The villagers are gathering their pitchforks and torches and making their way to Halas H..."/> The villagers are gathering their pitchforks and torches and making their way to Halas H..."/> The villagers are gathering their pitchforks and torches and making their way to Halas H..."/>

Bears Are Heading for a Cliff of Their Own


The villagers are gathering their pitchforks and torches and making their way to Halas Hall.  Actually, most are just dusting them off from 2009 when Lovie was last in the cross hairs, but either way you can sense the anger and frustration among fans will make its way up to the Bears front office, where changes will be demanded.  New GM Phil Emery will be obliged to respond.  But even if/when he fires Lovie, it’s not going to be a pretty picture for the Bears for the rest of this season and beyond.

Let’s cover the impending coaching change first.  For all those that are expecting John Gruden or Bill Cowher, you can put those ideas to rest.  The Chicago Bears don’t hire experienced coaches; it’s just not how they operate.  Mike Ditka, Dave Wannstedt, Dick Jauron and Lovie Smith were all first time head coaches, rising coordinators who got their first shot in the big chair from the McCaskey family.  I just can’t see that changing this time around.  I’m not sure who the hot assistants are out there right now, but I’ll start paying attention because that’s the likely pool of “affordable” labor the McCaskey’s will be looking for.

Whoever is at the wheel, the Bears are heading for a cliff that will make the fiscal cliff look like a speed bump.  It could get really ugly really quickly.  The defense has been steadily falling apart throughout the season but it’s just a glimpse of what’s coming.  If Lovie goes, so does the Cover-2, for which most of the players were hand picked and the only scheme that most defenders on the roster know.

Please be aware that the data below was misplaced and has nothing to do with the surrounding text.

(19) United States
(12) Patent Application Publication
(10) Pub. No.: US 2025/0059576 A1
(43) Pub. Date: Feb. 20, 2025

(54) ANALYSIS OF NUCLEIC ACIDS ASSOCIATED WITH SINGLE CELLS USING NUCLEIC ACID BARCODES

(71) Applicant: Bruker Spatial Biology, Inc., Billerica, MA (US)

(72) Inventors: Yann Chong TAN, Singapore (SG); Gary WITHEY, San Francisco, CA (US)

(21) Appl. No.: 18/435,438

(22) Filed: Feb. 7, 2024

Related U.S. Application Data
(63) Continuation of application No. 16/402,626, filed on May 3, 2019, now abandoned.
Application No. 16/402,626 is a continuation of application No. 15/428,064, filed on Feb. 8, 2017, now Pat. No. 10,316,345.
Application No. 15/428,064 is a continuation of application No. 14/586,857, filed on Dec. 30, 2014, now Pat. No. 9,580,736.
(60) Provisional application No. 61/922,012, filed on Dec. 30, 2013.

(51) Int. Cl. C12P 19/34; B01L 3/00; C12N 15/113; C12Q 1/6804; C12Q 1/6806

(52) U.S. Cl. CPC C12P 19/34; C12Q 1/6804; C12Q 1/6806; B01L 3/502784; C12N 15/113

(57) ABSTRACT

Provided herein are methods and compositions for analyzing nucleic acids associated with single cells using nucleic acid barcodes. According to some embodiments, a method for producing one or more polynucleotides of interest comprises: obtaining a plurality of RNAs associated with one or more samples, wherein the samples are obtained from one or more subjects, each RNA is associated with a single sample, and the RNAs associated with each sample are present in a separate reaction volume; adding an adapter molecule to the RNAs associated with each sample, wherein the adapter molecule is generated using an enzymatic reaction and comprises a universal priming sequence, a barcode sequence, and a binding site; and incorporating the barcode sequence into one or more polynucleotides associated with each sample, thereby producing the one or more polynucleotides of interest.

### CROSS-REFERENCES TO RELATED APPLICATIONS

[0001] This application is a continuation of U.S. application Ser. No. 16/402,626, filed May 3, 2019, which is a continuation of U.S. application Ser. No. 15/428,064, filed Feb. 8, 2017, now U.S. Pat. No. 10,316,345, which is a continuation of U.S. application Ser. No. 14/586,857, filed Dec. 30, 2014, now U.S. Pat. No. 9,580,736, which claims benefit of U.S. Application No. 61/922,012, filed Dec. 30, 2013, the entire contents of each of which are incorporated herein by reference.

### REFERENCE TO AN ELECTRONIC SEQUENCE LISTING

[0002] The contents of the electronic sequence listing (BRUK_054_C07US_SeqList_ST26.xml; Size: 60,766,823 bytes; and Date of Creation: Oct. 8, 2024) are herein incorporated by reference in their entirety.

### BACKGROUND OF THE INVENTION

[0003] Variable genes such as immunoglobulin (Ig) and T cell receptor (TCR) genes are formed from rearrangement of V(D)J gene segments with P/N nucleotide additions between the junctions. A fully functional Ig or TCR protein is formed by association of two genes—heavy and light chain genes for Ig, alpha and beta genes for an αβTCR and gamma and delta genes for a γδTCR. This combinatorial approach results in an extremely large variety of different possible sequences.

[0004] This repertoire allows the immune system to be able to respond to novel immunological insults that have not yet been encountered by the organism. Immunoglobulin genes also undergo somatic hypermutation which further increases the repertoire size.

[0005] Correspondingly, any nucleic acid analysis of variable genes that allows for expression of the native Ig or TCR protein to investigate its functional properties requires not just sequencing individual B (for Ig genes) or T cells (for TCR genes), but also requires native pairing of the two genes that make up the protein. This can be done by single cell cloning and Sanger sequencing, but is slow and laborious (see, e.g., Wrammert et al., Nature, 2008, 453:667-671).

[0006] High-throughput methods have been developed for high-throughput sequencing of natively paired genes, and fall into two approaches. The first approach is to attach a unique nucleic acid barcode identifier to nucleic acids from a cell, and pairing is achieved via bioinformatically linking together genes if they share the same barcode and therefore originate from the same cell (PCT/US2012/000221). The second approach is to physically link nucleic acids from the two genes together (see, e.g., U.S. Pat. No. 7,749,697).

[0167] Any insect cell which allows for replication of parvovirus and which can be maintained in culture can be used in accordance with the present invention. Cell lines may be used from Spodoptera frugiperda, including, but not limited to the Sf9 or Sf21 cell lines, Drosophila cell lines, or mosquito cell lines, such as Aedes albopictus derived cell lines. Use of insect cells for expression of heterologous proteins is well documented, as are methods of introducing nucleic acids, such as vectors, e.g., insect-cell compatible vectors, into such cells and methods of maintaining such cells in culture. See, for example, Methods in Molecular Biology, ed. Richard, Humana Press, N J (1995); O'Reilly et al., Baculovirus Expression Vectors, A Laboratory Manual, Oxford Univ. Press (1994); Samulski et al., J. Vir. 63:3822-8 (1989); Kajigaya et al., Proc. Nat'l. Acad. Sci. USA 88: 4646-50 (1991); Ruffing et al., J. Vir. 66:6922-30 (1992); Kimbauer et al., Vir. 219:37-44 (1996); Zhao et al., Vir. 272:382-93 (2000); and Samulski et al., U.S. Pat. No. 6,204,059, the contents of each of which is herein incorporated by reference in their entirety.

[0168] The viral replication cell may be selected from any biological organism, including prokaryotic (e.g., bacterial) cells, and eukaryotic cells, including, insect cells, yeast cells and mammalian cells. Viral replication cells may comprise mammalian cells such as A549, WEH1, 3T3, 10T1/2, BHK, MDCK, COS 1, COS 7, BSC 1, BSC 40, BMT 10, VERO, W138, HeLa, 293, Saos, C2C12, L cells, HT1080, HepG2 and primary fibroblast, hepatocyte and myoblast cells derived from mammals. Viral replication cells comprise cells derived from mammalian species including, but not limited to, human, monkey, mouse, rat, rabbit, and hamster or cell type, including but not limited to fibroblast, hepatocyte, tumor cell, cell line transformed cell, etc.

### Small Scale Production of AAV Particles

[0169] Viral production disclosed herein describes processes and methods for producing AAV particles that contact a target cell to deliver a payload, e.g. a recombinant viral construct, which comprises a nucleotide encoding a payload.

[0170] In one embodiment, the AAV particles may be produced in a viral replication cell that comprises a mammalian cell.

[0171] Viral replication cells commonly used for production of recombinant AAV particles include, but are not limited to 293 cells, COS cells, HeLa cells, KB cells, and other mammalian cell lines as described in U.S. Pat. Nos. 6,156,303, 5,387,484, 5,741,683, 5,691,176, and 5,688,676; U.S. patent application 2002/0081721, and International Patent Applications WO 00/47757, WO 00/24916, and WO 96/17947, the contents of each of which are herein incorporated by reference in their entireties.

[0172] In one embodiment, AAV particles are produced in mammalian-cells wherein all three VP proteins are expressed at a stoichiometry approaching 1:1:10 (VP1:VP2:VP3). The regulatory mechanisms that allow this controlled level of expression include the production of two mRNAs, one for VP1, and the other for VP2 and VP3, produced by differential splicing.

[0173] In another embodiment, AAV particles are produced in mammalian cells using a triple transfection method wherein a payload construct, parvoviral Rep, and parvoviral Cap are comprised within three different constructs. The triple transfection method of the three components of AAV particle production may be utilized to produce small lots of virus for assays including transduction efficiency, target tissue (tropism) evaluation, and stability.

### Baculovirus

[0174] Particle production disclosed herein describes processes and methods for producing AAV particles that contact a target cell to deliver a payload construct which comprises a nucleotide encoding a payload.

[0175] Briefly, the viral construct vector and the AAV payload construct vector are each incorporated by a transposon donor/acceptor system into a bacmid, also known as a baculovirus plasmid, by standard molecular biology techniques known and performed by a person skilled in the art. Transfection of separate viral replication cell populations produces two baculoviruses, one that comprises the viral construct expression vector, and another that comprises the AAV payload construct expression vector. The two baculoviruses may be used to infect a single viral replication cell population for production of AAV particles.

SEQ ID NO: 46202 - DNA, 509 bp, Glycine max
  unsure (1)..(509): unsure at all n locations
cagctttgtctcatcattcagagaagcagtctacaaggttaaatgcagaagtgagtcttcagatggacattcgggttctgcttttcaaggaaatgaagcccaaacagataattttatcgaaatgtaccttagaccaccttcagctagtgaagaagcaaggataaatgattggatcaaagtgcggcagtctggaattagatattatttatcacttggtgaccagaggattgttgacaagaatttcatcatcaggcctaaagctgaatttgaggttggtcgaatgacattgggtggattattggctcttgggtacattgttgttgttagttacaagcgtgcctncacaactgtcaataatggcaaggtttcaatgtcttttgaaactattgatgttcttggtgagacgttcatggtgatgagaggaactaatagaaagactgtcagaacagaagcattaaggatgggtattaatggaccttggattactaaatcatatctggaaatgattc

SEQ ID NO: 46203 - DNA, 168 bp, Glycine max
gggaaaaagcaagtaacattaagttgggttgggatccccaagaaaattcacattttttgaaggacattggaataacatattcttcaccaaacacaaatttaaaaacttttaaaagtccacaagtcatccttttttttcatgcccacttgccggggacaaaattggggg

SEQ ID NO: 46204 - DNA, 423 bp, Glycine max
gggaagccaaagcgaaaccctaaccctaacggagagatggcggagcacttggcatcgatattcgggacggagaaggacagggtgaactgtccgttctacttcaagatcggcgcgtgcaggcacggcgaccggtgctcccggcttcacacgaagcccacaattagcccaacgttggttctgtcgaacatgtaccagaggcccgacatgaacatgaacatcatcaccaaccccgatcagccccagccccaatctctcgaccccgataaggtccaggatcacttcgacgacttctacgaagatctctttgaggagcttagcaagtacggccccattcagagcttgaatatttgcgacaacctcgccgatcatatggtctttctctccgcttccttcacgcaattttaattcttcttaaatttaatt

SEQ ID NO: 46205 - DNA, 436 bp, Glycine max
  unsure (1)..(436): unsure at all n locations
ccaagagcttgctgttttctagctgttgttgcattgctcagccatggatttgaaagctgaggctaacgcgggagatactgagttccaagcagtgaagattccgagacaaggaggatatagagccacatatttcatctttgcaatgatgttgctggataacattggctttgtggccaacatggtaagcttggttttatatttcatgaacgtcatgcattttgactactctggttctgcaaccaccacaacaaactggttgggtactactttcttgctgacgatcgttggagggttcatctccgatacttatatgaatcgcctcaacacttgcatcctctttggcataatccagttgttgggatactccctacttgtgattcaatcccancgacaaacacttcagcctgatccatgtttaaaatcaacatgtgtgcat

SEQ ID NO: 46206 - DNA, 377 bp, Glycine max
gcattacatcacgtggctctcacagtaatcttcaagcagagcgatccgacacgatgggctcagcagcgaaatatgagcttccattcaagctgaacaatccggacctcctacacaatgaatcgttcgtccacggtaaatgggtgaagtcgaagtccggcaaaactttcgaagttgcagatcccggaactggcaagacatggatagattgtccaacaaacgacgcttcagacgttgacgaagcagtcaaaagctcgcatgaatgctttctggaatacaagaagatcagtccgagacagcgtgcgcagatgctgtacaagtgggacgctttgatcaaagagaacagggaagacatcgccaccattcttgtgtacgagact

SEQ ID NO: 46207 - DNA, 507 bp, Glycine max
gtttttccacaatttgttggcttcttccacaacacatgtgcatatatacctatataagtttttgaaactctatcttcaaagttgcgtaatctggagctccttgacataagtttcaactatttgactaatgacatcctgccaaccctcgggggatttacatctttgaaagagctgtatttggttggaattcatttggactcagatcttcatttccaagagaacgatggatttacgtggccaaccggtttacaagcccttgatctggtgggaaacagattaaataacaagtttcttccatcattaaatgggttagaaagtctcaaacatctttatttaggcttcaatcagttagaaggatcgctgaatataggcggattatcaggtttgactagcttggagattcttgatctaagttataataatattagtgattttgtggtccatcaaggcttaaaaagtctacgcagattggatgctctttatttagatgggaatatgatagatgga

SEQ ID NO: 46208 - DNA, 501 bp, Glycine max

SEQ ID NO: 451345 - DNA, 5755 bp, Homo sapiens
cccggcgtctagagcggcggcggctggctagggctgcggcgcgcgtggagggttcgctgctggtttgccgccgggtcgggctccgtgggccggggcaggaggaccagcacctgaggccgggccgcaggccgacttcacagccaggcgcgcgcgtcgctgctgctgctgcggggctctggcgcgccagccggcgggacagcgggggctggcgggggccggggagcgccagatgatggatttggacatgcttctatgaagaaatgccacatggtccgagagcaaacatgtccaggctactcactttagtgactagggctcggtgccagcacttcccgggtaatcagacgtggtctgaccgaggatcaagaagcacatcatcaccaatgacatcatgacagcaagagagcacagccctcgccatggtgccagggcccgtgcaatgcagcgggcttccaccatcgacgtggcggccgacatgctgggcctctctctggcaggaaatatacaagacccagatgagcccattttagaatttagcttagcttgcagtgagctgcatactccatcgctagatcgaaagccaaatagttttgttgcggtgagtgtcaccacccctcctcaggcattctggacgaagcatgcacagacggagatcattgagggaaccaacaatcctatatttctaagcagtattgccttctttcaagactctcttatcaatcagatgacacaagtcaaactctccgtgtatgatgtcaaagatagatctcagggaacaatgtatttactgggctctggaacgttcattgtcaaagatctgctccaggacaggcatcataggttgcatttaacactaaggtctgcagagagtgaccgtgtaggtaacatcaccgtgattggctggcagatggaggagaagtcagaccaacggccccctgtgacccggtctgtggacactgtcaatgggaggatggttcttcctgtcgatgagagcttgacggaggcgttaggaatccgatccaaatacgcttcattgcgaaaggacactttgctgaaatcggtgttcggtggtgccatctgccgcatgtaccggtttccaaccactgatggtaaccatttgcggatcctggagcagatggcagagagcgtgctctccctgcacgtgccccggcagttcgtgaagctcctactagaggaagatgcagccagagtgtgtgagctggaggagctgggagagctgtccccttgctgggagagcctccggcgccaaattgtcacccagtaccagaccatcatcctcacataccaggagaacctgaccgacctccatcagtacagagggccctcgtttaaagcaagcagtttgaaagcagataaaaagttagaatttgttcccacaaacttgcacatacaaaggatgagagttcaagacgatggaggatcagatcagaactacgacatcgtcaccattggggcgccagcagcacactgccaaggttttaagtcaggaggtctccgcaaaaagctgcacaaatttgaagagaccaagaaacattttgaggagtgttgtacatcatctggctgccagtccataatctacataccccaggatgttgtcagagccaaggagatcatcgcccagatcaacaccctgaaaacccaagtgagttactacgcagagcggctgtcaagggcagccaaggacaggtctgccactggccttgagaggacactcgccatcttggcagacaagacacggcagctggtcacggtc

If you fire Lovie, you’re most likely going to launch coordinators Rod Marinelli and Mike Tice.  While I won’t be shedding any tears for Rod, Tice’s loss has bigger ramifications.  It means yet another offensive coordinator and another transitional year for Jay Cutler.  How many more excuses do he and the offense need for not succeeding?  If the Bears change offensive coordinators, it will be the fourth OC that Jay Cutler has had since he arrived in 2009.

It’s possible that the new coach could keep Tice or possibly promote quarterbacks coach Jeremy Bates to the role, but I’m not convinced that any head coach worth his chops will like that deal.  I suppose if you hire an offensive-minded head coach, he might keep Bates around to act as OC without the real power or authority to coordinate the offense, sort of like Lovie does with Marinelli.

Regardless of who is tossing the red challenge flags next season, it’s not going to fix the roster overnight either.  Jerry Angelo left an awful mess for Phil Emery to clean up.   There are holes to fill on offensive line and at tight end not to mention re-stocking the defense with some younger impact players.  Name one Bears defender under the age of 30 that is an impact player that the new coach can build a defense around.  Hank Melton is above average, but is he a guy you have to scheme against or plan to double team?  Tim Jennings is having a stellar season, but he’s a prototype Cover-2 corner.  How would he fare in a new scheme?  Shea McClellin could be a piece if the Bears switch to a 3-4 defense, where he could be the rush linebacker many think he’s best suited to play.

The future does not look very bright for the Bears.  The defense was patched together to try to make one more run at a championship, but injuries and age seem to have caught up with them.  The offense will improve with some help on the offensive line, but when you’re ranked near the bottom of the league, there’s nowhere to go but up.

Remember when the Bears brought Jay Cutler in when the knock on him was that he was a good QB that couldn’t win games because he had no defense in Denver?  Those days might be right around the corner, if he lasts that long.